As a strong believer in experiential learning, I found this to be an excellent program where undergraduate and graduate students fostered meaningful discussions to try and resolve problems in the Arctic. While this program is designed to enhance students’ understanding of the Arctic Council and the way in which international relations functions, it also serves as ideal testing ground for future policies of the Arctic.

From this experience, there are three major takeaways for me.

First, in some ways, the Model Arctic Council is more progressive than the Arctic Council. Oil drilling versus environmental protection has not yet been a topic that the Arctic Council has debated, making it fresh, uncharted territory for the MAC participants to explore. Further, as I have discussed with other participants, the MAC allows students to produce innovative solutions because we do not feel the pressure of the state or group we represent. We can produce results where all member states and permanent participants are content without having to consider fully various political pressures. This does not take away from the reality of the situation, but removes a barrier that would otherwise pose a limit to the discussions we could have. For instance, in real life, the Permanent Participants may be unable to prepare an a joint statement that emphasised the need for Traditional Ecological Knowledge and protection of Indigenous land. While their individual thoughts may be shared, it is unlikely for the Permanent Participants to present joint statements to strengthen their position.

Moreover, while the Model Arctic Council seeks to provide a realistic experience, there is one major adjustment that is less common in real SAO meetings. During the simulations, Observer members were given the opportunity to speak during discussions, if they wished. While this is unusual, it offered new perspectives on how to compromise when dealing with challenges that the Arctic region faces. Further, it helps us see why observers are interested in Arctic issues and what they are able to offer in terms of funding, resources and compromise. For instance, ad hoc observers like Shell and Equinor (formally Statoil) were not only able to express their opinion towards oil drilling, but also they had the opportunity to share how they would make oil drilling environmentally friendly and safer with more sophisticated technology.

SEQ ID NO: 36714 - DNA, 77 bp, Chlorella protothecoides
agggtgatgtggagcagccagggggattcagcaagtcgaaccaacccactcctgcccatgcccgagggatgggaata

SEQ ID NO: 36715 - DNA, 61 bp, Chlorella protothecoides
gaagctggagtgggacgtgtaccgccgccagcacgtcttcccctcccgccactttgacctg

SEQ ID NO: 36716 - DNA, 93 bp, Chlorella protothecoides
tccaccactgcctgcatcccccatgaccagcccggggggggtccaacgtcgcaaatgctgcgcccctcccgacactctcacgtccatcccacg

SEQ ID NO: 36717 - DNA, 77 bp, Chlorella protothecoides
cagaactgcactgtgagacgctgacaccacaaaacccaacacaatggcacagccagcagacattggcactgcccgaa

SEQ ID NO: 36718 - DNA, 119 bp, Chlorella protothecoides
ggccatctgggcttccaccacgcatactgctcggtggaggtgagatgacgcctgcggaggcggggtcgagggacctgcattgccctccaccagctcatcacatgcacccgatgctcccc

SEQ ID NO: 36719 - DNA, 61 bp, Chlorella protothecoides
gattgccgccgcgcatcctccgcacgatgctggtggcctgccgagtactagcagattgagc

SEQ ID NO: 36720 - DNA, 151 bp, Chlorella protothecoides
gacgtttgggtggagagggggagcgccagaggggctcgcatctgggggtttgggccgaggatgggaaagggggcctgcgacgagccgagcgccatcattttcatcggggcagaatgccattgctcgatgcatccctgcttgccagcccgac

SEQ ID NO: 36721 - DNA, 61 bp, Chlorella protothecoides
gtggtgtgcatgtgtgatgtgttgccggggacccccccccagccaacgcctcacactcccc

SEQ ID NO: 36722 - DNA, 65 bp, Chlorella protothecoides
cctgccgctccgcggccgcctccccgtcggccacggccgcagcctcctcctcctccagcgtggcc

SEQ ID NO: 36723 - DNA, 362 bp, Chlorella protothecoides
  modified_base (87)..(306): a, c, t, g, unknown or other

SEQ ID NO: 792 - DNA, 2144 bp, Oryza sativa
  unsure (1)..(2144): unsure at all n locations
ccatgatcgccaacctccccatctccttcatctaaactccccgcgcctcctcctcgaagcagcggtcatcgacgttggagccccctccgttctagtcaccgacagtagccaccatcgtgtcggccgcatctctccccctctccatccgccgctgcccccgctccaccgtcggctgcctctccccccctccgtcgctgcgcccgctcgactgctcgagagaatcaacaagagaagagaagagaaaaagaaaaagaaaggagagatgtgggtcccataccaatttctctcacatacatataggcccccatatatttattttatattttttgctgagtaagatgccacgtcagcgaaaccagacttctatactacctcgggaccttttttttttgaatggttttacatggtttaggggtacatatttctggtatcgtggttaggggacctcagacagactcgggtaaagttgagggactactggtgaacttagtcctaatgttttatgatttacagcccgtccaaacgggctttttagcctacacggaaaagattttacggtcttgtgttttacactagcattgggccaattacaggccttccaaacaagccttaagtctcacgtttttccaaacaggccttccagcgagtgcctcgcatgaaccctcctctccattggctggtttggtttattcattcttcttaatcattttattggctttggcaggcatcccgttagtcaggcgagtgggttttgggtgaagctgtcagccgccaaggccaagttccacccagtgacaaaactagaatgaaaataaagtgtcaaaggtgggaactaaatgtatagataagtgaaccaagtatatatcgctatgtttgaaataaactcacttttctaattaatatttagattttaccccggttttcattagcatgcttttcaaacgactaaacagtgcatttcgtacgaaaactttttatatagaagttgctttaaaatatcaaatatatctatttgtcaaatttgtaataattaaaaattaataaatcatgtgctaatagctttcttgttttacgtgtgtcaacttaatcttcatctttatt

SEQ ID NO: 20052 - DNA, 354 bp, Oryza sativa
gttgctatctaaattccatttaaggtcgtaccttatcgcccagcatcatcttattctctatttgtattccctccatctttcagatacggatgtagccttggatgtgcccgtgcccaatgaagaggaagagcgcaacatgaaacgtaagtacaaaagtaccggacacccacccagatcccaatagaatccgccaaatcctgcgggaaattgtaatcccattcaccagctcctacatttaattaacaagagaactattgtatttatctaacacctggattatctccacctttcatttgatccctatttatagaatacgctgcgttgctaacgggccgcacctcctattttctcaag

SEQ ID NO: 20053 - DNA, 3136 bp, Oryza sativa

Finally, the Model Arctic Council encouraged participants to think beyond the perspectives of their home country. MAC participants were encouraged to simulate roles that they were unfamiliar with to gain a new cultural perspective. Many of my fellow MAC participants noted that their involvement with the Arctic is limited to their personal interest or the interests of their professors. Therefore, having the opportunity to truly put ourselves in a new role was very exciting. In international relations, it is crucial that we gain an in-depth understanding of the interests and culture of various states and members. In both the Arctic Council and the Model Arctic Council, achieving such diversification and cultural understanding allows us to achieve complicated goals through inclusionary and peaceful means.

In short, the Model Arctic Council offers a unique experience where both participants of the simulation program and the Arctic Council can benefit. Today, the MAC participants are students on their way to earning various degrees, but soon, many of the participants will have active roles in deciding the future of the Arctic.

Justin Barnes is a Fellow at Polar Research and Policy Initiative and the Assistant Editor of the Arctic Yearbook 2019: Redefining Arctic Security. At present, he is also pursuing an internship at the United Nations Department of Economic and Social Affairs (UN DESA). He holds a MA in Sustainability Studies from Trent University’s School of the Environment, where his research focused on the sustainable development of Canada’s coastal communities on the Arctic Ocean. As part of this research, Justin explored the concept of environmental security, the role this form of security plays in shaping social, economic, and environmental policies, and its influence on resource and infrastructure development in the Arctic. Justin is also actively involved in the sport of Sailing and represented Canada internationally on the World Sailing circuit as an athlete on the Canadian Sailing Team for five years (2013 – 2018).
Brittany Ennis is a fourth-year undergraduate student at Brescia University College studying French and Political Science in London, Ontario (Canada). While she has various research interests, she is particularly interested in human and food security. She also volunteers as a tutor and a mentor at her university. Outside of university, Brittany enjoys traveling and playing the piano.